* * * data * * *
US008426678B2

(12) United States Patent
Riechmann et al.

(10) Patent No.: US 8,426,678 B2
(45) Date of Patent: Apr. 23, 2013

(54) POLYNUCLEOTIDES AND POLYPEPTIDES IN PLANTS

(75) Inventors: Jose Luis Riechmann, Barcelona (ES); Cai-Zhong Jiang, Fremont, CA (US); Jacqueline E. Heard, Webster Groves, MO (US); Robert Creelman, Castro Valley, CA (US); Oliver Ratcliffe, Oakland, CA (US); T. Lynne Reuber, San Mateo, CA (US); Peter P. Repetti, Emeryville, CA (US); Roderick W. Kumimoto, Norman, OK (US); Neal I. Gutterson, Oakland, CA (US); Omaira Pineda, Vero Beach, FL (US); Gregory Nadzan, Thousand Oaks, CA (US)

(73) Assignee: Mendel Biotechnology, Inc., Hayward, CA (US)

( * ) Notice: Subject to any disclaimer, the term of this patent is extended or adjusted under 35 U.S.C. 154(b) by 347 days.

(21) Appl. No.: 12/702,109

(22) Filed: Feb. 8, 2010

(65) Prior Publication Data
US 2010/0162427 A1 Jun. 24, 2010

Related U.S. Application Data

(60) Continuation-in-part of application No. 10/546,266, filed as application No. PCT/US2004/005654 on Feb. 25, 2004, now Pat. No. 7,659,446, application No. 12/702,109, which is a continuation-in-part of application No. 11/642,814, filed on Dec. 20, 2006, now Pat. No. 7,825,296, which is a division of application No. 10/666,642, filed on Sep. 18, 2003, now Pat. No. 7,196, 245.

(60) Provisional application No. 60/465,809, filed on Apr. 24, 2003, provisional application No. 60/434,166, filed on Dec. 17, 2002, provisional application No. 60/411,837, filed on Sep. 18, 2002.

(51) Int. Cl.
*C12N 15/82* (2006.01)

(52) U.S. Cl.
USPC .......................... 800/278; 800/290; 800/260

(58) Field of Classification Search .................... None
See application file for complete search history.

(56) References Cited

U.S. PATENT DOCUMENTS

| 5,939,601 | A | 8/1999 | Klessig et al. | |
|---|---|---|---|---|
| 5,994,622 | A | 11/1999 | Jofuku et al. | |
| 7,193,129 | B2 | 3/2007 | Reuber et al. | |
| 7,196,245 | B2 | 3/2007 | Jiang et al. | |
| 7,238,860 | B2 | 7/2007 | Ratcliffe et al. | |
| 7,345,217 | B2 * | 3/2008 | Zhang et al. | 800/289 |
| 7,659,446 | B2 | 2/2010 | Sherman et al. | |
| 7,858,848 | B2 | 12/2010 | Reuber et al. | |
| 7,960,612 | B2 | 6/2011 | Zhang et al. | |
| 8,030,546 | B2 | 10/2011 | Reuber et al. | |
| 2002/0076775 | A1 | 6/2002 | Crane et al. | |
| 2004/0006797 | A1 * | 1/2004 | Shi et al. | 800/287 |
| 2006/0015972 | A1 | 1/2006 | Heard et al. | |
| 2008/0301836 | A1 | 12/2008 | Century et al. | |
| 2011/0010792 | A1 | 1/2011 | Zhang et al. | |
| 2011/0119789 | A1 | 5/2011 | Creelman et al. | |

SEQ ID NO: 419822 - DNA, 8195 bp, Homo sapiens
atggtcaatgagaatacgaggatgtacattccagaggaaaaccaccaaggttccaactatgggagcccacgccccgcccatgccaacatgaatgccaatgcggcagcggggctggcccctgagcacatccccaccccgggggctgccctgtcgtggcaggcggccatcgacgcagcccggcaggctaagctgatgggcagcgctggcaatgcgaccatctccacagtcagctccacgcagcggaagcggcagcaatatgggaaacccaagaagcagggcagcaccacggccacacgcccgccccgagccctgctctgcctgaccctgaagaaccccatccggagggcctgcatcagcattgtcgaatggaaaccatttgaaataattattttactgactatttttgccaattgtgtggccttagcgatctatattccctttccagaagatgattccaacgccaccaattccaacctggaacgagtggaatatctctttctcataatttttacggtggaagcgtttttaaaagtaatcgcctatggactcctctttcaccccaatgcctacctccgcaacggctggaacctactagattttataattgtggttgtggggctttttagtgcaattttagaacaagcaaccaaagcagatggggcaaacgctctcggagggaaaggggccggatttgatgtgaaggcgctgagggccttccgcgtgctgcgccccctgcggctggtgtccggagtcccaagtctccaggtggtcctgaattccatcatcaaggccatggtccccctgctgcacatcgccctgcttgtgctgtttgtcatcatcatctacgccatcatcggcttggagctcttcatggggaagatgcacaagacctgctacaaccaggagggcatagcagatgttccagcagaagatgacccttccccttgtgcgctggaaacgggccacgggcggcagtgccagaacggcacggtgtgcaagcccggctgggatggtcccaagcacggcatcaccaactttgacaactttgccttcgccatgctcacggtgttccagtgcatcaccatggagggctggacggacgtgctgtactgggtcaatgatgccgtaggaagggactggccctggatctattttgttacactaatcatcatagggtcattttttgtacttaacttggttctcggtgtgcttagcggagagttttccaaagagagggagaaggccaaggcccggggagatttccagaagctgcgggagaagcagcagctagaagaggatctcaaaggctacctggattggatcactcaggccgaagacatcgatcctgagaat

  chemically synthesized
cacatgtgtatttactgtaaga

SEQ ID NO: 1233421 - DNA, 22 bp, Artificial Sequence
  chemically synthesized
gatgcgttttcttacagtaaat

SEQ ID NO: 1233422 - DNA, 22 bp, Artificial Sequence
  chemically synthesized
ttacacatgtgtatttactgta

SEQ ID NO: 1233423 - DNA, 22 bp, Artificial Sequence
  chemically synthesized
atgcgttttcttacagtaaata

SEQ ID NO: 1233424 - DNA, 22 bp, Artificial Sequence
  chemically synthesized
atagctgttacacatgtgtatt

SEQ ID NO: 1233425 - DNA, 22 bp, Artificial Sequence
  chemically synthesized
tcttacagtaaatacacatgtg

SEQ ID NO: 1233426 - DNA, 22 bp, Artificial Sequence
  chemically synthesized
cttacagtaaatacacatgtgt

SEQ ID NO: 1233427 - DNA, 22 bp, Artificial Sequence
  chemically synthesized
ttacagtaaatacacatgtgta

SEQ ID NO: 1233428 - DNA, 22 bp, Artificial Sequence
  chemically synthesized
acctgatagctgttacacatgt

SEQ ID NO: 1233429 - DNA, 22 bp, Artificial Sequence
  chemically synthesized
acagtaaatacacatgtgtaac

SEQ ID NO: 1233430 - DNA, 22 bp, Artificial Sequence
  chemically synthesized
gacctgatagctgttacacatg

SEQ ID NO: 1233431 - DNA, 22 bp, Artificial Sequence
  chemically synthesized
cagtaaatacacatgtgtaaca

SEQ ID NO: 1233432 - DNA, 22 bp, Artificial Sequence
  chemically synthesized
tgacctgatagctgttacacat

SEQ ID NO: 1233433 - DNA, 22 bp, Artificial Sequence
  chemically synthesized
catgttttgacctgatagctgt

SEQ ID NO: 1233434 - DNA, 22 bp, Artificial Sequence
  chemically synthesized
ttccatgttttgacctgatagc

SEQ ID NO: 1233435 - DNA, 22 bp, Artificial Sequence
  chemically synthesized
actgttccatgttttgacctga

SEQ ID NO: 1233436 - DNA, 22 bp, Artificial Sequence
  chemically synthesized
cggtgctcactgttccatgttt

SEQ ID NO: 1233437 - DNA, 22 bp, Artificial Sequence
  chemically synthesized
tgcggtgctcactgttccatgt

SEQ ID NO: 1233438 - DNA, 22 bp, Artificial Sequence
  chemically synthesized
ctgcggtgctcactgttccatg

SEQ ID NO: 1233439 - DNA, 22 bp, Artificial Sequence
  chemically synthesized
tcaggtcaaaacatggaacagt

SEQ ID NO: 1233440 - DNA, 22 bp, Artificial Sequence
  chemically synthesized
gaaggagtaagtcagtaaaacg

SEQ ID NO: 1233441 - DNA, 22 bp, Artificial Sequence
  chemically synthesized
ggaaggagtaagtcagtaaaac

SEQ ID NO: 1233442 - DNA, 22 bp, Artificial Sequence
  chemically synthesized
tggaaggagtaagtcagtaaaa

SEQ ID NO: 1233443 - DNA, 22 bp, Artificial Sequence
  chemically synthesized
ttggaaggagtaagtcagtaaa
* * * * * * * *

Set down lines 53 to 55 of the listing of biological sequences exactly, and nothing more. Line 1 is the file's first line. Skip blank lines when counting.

  chemically synthesized
atgcgttttcttacagtaaata

SEQ ID NO: 1233424 - DNA, 22 bp, Artificial Sequence